. caller: good morning. i have a question about benghazi. nobody has said anything like this. it seems to me, the president would get on the phone with the president of the other country and say, "please help us save our people." the in the u.s. help support the efforts of the people to get rid of gaddafi? why did obama or hillary clinton get on the phone and call the president of libya and say, "you owe us. san whenever you have to save our people." i believe the local forces went in after it was over and our people were dead. to didn't somebody jawbone, get them in there to help? host: you can talk about any topic you like. joel florida, what is on your mind. caller: you were talking about afghanistan. one of the main reasons we are over there is to keep the poppy plants growing. host: what brings you to that opinion? caller: just research that i do online. host: how do you think things are going to work effort with the troupe drawdown? caller: anybody's guess. host: alright. sharon from california. caller: in 2013, there is a movement coming to washington, d.c., about systemic corru
objected because of the benghazi situation. you'll recall there was an attack on the consulate on september 11th. initially the administration said it was because of an protest of an anti-islam film that got out of hand. that's what susan rice said five days after the attack. it turns out it was a pre-planned terrorist attack. so a lot of criticism over what she said immediately after the attack and basically republicans use that had to sink the prospect of her nomination. >> host: is it unusual since she wasn't formally nominated for her to be the subject of floor speeches and committee hearings and her nomination being talked about so heavily? guest: it's happened before but not like it's happening right now. susan rice's nomination was basically sht down before she was nominated and we have a similar situation. talk of chuck hagel might be nominated. well, he has a lot of critics over in the senate too particularly among the republicans and they appear to have shot down his nomination. now it's considered unlikely. so he got preemptive nomination fights. and i think that's relatively new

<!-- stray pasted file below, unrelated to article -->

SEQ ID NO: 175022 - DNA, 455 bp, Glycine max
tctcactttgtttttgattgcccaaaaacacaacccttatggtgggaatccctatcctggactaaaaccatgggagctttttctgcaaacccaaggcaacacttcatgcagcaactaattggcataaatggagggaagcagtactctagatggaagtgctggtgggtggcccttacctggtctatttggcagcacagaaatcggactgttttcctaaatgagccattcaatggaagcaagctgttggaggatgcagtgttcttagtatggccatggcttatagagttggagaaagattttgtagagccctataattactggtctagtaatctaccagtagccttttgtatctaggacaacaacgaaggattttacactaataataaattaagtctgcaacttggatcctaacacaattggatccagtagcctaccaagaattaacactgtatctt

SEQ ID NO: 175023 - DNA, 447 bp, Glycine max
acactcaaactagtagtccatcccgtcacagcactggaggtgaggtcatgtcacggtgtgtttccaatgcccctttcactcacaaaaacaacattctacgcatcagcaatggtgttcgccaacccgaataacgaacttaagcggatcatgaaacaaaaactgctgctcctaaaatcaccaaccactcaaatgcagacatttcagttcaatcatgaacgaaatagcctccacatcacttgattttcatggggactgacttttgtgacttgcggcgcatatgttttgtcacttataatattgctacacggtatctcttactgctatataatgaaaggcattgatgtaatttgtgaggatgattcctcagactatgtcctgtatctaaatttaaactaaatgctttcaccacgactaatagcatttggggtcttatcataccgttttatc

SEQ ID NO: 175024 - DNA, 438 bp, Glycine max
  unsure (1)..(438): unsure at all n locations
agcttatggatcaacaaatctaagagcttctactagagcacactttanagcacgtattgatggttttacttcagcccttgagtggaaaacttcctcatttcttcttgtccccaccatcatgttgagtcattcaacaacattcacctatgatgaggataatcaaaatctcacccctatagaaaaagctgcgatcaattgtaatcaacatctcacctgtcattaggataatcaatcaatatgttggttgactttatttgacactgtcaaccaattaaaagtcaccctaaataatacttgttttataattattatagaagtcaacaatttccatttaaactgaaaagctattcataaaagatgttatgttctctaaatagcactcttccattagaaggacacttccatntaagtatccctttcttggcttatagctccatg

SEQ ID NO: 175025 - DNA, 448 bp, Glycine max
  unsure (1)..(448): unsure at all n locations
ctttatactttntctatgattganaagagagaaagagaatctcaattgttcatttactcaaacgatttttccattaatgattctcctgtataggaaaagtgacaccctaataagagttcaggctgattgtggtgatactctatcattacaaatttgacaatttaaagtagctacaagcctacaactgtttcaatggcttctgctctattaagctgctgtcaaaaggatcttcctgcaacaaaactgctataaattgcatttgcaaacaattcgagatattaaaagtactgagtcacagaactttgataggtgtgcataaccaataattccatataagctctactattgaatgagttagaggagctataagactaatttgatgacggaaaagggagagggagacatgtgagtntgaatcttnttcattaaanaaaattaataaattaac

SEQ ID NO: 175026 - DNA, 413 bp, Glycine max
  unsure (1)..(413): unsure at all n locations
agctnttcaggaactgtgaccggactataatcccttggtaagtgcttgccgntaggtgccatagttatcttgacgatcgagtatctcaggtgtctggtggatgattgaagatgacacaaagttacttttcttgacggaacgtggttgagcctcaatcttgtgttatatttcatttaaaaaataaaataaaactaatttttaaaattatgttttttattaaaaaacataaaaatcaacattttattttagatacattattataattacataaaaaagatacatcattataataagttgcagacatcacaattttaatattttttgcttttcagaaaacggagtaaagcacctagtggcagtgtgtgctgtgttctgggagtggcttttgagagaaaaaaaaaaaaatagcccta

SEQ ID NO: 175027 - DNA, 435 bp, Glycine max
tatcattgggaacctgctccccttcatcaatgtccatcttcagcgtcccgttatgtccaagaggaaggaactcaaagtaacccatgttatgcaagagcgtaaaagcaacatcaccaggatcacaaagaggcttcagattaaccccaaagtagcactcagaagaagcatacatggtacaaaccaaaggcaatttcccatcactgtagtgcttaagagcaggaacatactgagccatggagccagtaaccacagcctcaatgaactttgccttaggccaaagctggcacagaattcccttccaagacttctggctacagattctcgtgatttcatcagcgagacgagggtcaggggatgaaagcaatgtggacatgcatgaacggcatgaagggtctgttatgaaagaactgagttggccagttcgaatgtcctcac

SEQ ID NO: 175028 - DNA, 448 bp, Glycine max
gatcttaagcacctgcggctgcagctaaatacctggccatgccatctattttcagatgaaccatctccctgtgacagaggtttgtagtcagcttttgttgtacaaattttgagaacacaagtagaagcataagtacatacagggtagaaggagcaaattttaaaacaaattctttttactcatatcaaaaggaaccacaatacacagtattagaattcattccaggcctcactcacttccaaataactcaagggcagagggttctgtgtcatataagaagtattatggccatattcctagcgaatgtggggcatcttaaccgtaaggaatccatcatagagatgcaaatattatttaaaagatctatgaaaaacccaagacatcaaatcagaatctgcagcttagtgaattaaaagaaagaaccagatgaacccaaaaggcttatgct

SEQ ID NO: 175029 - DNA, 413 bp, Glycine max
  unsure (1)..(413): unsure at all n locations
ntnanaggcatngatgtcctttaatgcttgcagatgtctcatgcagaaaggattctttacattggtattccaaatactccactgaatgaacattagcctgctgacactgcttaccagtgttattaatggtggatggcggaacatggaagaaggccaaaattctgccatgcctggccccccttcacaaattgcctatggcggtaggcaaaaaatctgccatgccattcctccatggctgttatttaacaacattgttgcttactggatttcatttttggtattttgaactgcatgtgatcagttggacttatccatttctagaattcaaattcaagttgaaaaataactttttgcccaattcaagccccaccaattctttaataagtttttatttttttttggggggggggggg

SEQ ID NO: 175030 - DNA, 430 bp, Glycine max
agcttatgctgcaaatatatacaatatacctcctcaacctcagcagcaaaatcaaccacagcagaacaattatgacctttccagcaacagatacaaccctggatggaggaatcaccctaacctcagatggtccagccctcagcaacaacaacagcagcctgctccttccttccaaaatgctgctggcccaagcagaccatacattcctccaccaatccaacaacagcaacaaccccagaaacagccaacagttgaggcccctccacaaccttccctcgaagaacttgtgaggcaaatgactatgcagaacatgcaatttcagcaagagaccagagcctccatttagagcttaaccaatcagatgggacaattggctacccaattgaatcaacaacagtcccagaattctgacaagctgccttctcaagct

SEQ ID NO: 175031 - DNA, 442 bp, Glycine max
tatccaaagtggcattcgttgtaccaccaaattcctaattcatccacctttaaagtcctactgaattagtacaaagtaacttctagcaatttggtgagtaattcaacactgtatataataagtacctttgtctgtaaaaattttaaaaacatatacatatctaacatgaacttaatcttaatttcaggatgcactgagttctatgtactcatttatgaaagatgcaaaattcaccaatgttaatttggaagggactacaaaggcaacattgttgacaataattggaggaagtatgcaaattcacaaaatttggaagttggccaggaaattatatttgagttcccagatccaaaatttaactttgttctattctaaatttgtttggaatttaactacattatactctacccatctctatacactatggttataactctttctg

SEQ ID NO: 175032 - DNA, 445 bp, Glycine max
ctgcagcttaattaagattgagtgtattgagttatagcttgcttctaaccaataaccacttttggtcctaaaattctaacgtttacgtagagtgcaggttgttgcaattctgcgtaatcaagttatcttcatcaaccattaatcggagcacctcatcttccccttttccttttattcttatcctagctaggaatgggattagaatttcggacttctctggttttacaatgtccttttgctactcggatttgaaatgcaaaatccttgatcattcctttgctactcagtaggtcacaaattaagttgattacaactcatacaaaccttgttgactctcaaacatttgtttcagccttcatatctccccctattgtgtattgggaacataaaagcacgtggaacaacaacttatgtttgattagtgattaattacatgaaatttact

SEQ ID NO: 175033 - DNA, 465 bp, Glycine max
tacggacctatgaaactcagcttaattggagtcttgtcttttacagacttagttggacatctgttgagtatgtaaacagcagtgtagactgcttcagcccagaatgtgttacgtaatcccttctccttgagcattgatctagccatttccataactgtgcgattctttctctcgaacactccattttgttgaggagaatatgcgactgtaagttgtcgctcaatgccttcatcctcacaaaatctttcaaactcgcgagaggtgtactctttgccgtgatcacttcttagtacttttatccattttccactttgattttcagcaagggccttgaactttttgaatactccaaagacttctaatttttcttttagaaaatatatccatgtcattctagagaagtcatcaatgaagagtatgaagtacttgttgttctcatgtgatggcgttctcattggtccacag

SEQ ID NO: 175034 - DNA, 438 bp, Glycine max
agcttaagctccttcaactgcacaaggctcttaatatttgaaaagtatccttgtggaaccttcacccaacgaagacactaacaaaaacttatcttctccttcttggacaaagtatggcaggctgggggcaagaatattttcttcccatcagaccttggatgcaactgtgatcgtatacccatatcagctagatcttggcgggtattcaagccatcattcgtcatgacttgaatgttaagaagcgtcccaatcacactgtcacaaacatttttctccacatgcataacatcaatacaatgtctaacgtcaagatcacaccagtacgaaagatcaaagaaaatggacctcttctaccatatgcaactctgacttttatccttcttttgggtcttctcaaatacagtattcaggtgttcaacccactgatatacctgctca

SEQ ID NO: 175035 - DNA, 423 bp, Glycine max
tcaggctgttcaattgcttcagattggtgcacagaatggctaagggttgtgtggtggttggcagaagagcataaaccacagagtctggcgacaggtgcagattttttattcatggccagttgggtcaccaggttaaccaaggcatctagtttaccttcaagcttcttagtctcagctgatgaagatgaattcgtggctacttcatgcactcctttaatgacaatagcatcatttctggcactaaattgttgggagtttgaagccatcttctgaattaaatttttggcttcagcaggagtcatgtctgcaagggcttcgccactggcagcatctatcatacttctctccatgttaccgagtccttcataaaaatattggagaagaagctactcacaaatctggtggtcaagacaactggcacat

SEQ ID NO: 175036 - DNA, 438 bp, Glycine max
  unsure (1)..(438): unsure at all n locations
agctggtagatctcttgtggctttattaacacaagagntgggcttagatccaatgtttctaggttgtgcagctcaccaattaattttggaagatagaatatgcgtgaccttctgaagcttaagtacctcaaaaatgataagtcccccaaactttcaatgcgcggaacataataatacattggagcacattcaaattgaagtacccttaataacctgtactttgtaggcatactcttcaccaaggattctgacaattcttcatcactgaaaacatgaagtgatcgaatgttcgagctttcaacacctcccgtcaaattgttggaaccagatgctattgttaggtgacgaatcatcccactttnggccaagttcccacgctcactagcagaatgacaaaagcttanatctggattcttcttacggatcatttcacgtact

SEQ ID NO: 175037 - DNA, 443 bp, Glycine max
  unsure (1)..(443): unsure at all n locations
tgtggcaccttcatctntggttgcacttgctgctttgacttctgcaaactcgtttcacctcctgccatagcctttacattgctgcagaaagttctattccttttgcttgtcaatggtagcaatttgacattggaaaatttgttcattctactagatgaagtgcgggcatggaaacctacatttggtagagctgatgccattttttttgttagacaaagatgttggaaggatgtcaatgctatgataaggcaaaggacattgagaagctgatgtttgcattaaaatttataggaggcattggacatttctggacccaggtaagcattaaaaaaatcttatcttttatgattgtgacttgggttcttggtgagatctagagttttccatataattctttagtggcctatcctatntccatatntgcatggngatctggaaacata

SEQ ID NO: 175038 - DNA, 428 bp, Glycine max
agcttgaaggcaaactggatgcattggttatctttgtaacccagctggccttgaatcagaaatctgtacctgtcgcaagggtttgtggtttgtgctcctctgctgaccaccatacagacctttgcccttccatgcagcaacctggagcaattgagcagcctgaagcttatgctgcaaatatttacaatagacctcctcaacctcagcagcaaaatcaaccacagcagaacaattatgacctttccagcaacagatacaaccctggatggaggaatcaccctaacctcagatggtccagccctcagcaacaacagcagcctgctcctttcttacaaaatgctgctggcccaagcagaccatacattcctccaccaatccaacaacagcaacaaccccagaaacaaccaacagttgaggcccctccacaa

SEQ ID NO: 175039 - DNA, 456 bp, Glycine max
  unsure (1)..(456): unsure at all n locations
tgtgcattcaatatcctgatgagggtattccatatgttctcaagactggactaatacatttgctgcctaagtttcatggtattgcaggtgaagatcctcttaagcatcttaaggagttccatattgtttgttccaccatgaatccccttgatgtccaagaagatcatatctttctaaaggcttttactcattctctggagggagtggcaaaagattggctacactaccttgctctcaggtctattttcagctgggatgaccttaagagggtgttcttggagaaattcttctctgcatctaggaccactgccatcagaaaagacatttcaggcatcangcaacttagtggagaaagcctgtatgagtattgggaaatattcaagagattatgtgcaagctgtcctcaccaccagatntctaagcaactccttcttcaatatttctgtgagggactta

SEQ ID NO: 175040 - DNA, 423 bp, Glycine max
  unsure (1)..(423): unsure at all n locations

and i still found myself in iraq, imagine that? and he's, both of them have records, set aside benghazi, set aside some of the recent events with susan rice and judgments on management of conflicts called into question and she was in the national security council back in 1993 when rwanda kicked off and she made a controversial comment about, well, if we call it a genocide and don't act. what will be the implications on the november mid term election? and if you hook at-- and then later on, reflexively supported the regime in ruwan da when there were more war crimes committed and since vowed to heal that, but, you know, you've seen her political statements recently that showed there's a political side of susan rice and willingness for talking points that we can't afford as secretary of state and john kerry, he was part of the foreign senate relations committee and he was back in the late 60's and talked about war crimes that he reportedly saw against the vietnam war and you have some track records that don't make them the best fit. >> there are numerous republicans, john mccain, lindsey
september 11, four americans, including our ambassador, were killed in benghazi. the responsibility for security failures has now been placed on the state department. end of story? no. the deeper question is why did the u.s. intervene in libya in the first place. 20 months after a u.s.-led mission to overthrow the libyan government, militias are still battling in the streets for control. al qaeda-linked groups have a foothold in libya they did not have before u.s. intervention. why did we spend u.s. tax dollars to open the door for al qaeda in libya? the intervention itself was a disaster and it makes the case that the u.s. government's policy of intervention in libya was wrong and that everything that proceeds from that intervention is bound to be tainted. the book says, that which is crooked cannot be made straight. nothing will ever be made straight about u.s. intervention in libya. the speaker pro tempore: the gentleman's time has expired. for what purpose does the gentleman from south carolina rise? without objection. mr. wilson: madam speaker, with the negotiations surrounding
susan rice, the u.n. ambassador who ran into a lot of criticisms from republicans over the benghazi matter, had taken herself out of the running. so pretty much john kerry was the only candidate. the question is, what happens to the rest of the national security team. i haven't gotten any word yet as to whether there is a defense secretary replacement for leon panetta, but we do know john kerry is going to be named secretary of state by the president today. >> john, another question, of course, is what happens to that senate seat in massachusetts, does scott brown choose to run again and move that senate seat from the democratic column to the republican column? any insights this? >> well, that's certainly a possibility. scott brown hasn't ruled that out. but you have a democratic governor there who has talked about a number -- or there's been speculation about a number of people who could be candidates for that seat. either by appointment or in the special elections. don't know how quickly the special election would take place, but everybody from barney frank to young ted kennedy, t
Search Results 73 to 81 of about 82